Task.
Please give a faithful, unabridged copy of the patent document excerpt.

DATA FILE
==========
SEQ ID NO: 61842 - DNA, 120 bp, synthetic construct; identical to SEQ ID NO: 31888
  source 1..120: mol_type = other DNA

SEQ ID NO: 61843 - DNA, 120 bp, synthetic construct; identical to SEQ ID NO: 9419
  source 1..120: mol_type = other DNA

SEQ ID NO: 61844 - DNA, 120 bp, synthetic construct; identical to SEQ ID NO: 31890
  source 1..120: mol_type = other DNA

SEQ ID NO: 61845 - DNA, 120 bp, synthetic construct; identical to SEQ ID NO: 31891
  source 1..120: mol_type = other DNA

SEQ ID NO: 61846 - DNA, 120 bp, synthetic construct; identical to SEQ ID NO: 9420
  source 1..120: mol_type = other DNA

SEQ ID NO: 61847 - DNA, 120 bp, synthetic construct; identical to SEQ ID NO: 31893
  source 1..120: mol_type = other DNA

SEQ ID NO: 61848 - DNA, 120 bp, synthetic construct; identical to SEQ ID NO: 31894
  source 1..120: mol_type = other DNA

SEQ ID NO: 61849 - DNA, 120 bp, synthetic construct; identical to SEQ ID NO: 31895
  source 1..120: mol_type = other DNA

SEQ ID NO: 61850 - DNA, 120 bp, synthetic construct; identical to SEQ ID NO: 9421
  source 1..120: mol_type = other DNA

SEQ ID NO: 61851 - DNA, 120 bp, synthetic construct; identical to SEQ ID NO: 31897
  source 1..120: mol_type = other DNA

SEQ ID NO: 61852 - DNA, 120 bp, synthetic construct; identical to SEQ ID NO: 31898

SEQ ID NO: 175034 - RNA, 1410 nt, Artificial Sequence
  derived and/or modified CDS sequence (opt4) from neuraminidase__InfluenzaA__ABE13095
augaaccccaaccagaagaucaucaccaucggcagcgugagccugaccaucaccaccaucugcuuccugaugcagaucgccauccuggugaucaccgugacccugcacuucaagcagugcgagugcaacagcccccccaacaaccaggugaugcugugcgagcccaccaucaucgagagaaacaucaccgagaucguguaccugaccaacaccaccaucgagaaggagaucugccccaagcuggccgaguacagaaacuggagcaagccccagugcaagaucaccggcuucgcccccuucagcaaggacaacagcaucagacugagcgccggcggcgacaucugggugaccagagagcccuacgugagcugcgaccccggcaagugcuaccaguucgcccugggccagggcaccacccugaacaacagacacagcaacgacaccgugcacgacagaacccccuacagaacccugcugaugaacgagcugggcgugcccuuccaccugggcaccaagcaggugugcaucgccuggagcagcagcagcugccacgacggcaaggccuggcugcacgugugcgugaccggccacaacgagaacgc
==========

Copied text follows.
SEQ ID NO: 61842 - DNA, 120 bp, synthetic construct; identical to SEQ ID NO: 31888
  source 1..120: mol_type = other DNA

SEQ ID NO: 61843 - DNA, 120 bp, synthetic construct; identical to SEQ ID NO: 9419
  source 1..120: mol_type = other DNA

SEQ ID NO: 61844 - DNA, 120 bp, synthetic construct; identical to SEQ ID NO: 31890
  source 1..120: mol_type = other DNA

SEQ ID NO: 61845 - DNA, 120 bp, synthetic construct; identical to SEQ ID NO: 31891
  source 1..120: mol_type = other DNA

SEQ ID NO: 61846 - DNA, 120 bp, synthetic construct; identical to SEQ ID NO: 9420
  source 1..120: mol_type = other DNA

SEQ ID NO: 61847 - DNA, 120 bp, synthetic construct; identical to SEQ ID NO: 31893
  source 1..120: mol_type = other DNA

SEQ ID NO: 61848 - DNA, 120 bp, synthetic construct; identical to SEQ ID NO: 31894
  source 1..120: mol_type = other DNA

SEQ ID NO: 61849 - DNA, 120 bp, synthetic construct; identical to SEQ ID NO: 31895
  source 1..120: mol_type = other DNA

SEQ ID NO: 61850 - DNA, 120 bp, synthetic construct; identical to SEQ ID NO: 9421
  source 1..120: mol_type = other DNA

SEQ ID NO: 61851 - DNA, 120 bp, synthetic construct; identical to SEQ ID NO: 31897
  source 1..120: mol_type = other DNA

SEQ ID NO: 61852 - DNA, 120 bp, synthetic construct; identical to SEQ ID NO: 31898

SEQ ID NO: 175034 - RNA, 1410 nt, Artificial Sequence
  derived and/or modified CDS sequence (opt4) from neuraminidase__InfluenzaA__ABE13095
augaaccccaaccagaagaucaucaccaucggcagcgugagccugaccaucaccaccaucugcuuccugaugcagaucgccauccuggugaucaccgugacccugcacuucaagcagugcgagugcaacagcccccccaacaaccaggugaugcugugcgagcccaccaucaucgagagaaacaucaccgagaucguguaccugaccaacaccaccaucgagaaggagaucugccccaagcuggccgaguacagaaacuggagcaagccccagugcaagaucaccggcuucgcccccuucagcaaggacaacagcaucagacugagcgccggcggcgacaucugggugaccagagagcccuacgugagcugcgaccccggcaagugcuaccaguucgcccugggccagggcaccacccugaacaacagacacagcaacgacaccgugcacgacagaacccccuacagaacccugcugaugaacgagcugggcgugcccuuccaccugggcaccaagcaggugugcaucgccuggagcagcagcagcugccacgacggcaaggccuggcugcacgugugcgugaccggccacaacgagaacgc